Tuesday, April 25, 2017

Crutch Jack Stand for the DR 650

Put together a jack stand for the motor bike.  $3 for a set of crutches from the thrift store.  Simple to make, cheap, strong, compact, and light make it a winner.

There are several web pages that show alternative designs, but this one works for me.  I get excited when I find simple solutions to problems that could easily be solved by money.

Saturday, August 29, 2015

Chanterelles Gift

I was gifted an ample pile of foraged chanterelle mushrooms from a long time friend, Mai.  What a wonderful culinary opportunity.

 However, knowing the hazards of randomly picked fungi, I did some research before cooking them up.  One good source is from the Mycological Society of San Francisco. 

I learned of the look alike and toxic jack-o-lantern mushroom that is bio-luminescent.  I read that chanterelles have false gills that fork and white flesh instead of the orange flesh and true gills of the jack-o-lantern. I read a story about an ER worker who had a patient they named "Jack" because he came in poisoned from eating the toxic version two years in a row because the poisonous jack-o-lantern has a lovely fruity smell like the chanterelle.  I even found comfort in learning that toxic one is not deadly; it just makes you wish you were dead for a couple of days. 

 Once confident that this gift was in fact chanterelles, I carefully cleaned them.  They smelled wonderfully pungent of the earth and apricots.  Sauteed with garlic in butter they were superior to other fungi. The flesh was firmly creamy while the flavors of fruity umami carried solidly through the butter and garlic.  I look forward to more chanterelles.

I appreciate the gift of a bag of mushrooms.  The sharing of a precious, seasonal bounty, the piqued curiosity about wild mushrooms and the new reason to connect with my immediate nature are the best part of this present.  Thanks, Mai.

Tuesday, January 20, 2015

Black Powder

Pace of life has been fast and exciting lately.  The observation of Martin Luther King Jr. afforded me a couple of hours to drive to my shooting range.  40 degree weather helped too.

I brought two guns.  The rifle is a percussion cap ,50 caliber Thompson New Englander I received as a gift from my Uncle Al while on a trip with Claire and Harris in Montana.  90 grains of ff black powder sends a lead ball down range with surprising accuracy.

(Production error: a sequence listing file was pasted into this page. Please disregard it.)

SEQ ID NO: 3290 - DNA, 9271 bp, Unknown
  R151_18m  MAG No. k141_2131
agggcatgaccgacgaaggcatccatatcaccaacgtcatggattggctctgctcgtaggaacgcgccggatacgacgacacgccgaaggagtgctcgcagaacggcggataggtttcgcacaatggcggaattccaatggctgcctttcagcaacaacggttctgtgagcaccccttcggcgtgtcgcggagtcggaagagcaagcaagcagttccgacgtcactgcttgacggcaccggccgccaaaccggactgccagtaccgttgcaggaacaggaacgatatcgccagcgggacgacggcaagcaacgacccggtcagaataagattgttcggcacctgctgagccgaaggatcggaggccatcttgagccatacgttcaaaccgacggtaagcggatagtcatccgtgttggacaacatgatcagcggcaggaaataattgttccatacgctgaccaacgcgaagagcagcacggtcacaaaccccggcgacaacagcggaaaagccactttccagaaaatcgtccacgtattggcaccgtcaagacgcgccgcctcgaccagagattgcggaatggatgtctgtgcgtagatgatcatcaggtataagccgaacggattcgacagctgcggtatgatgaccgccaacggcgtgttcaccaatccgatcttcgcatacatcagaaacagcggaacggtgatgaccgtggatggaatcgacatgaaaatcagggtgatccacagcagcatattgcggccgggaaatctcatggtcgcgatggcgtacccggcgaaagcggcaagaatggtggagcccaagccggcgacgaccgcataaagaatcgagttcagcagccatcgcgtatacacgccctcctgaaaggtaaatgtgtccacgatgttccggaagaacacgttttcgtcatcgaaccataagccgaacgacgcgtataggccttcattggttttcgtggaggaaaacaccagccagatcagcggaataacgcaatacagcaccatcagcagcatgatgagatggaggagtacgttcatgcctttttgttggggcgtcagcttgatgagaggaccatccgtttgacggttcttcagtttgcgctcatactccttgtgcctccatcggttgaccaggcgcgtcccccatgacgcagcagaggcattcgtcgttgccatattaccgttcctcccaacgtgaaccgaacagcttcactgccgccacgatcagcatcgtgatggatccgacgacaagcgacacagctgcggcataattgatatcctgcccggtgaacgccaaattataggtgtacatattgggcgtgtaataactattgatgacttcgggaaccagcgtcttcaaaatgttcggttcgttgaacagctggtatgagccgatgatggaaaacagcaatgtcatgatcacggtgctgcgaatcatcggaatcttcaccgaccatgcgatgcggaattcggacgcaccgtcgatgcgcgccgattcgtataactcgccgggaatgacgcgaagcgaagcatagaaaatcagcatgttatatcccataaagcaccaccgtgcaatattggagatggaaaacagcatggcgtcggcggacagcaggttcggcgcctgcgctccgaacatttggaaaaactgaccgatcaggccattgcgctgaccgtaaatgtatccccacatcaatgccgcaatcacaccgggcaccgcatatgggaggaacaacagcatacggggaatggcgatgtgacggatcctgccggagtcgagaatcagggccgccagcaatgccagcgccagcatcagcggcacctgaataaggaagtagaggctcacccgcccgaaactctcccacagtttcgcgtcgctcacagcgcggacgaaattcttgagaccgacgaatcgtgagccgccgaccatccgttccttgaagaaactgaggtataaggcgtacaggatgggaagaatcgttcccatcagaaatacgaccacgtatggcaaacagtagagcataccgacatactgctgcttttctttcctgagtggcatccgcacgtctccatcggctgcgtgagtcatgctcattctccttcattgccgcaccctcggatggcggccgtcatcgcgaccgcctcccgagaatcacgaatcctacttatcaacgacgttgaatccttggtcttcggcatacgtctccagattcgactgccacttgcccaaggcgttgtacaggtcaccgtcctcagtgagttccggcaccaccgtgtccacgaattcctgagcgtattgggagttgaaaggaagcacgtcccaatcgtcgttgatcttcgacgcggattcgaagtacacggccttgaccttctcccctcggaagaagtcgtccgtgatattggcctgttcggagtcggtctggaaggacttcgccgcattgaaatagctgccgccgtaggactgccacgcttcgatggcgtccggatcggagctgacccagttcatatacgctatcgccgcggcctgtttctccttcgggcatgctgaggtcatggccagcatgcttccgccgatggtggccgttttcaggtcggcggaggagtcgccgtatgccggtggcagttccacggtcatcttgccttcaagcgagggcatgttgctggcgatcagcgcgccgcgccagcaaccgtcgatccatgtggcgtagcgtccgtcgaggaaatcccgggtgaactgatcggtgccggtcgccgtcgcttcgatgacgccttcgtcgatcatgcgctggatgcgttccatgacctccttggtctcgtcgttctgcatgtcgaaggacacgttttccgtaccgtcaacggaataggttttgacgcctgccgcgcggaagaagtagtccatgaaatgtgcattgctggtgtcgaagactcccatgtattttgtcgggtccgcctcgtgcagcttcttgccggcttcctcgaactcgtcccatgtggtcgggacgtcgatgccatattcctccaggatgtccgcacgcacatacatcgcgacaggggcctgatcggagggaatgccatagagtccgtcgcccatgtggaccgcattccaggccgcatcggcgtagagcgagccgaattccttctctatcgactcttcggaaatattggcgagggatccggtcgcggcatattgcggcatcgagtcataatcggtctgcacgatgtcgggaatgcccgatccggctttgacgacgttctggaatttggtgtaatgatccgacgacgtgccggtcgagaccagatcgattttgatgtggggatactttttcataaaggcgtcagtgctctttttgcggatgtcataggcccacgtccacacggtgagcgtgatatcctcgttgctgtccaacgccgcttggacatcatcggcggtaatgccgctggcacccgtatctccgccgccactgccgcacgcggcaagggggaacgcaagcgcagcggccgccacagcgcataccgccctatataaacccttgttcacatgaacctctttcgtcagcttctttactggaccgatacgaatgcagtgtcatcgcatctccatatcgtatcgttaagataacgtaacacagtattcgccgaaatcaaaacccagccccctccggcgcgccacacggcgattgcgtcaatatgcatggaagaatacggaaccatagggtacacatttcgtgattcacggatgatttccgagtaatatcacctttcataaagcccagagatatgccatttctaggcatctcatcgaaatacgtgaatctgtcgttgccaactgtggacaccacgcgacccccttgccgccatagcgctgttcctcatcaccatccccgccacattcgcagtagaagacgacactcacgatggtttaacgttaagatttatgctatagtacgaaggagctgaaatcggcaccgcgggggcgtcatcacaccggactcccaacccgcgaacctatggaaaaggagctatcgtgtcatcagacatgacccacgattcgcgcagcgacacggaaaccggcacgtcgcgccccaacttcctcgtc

The revolver is an Uberti replica of a 1860 Colt Army that fires .44 caliber balls truly with 30 grains fff black powder times six. Old school now, being Civil War era, however, this was a state of the art weapon used by both the North and the South.  

I enjoy shooting these guns because they demand a slower pace granting me time to think and to focus on accuracy.

While trying to hold steady on the paper in front of me,  I thought about how I would not want to load and fix the regular jams of these guns while someone was shooting at me.  I thought about the technology of these guns causing more American casualties than in all of the United States wars combined.  I thought about the causes of the Civil War.  I thought about MLK day, hatred and assassination.  I thought about more...

Shooting black powder is visceral; you feel the thud and hear the blast as wonderfully sulfurous smoke hangs in the air.  Today I learned that thinking while shooting has much the same effect.

Monday, January 19, 2015

Jan. 17th Trip to Itasca and Swim in the Mississippi Headwaters.

Two other dads and I took a group of skiers to Itasca for the weekend to ski. Snow conditions did not allow skiing, so we went on a hike with a football.  The other fathers and I hustled to keep up, as the kids ran, jumped and tackled each other.  I am impressed by their ability to make the best of a ski trip without enough snow to ski.

When we got to our cabin we discovered that the furnace was out; it was ambient temperature or colder inside.  Kids huddled around an electric space heater and  had a blast.

During a similar trip last year the skiers and I waded the Mississippi's icy waters.  This year one of the boys decided that we needed to get submerged.  Five skiers and I went into the shallow water and did a push-up to get under the surface.  This turned into a push up contest.  The winner was able to do about 10 below the water.

Harris makes the swim and walks back to our changing tent and a set of dry clothes.  We kept wool socks on to protect our feet in and out of the water.  This trick made being submerged in the cold water easier than I anticipated.

 It is good to travel with people who are interested in making their own fun.  I am proud to associate with such fine young people.

Tuesday, January 6, 2015

Ski Season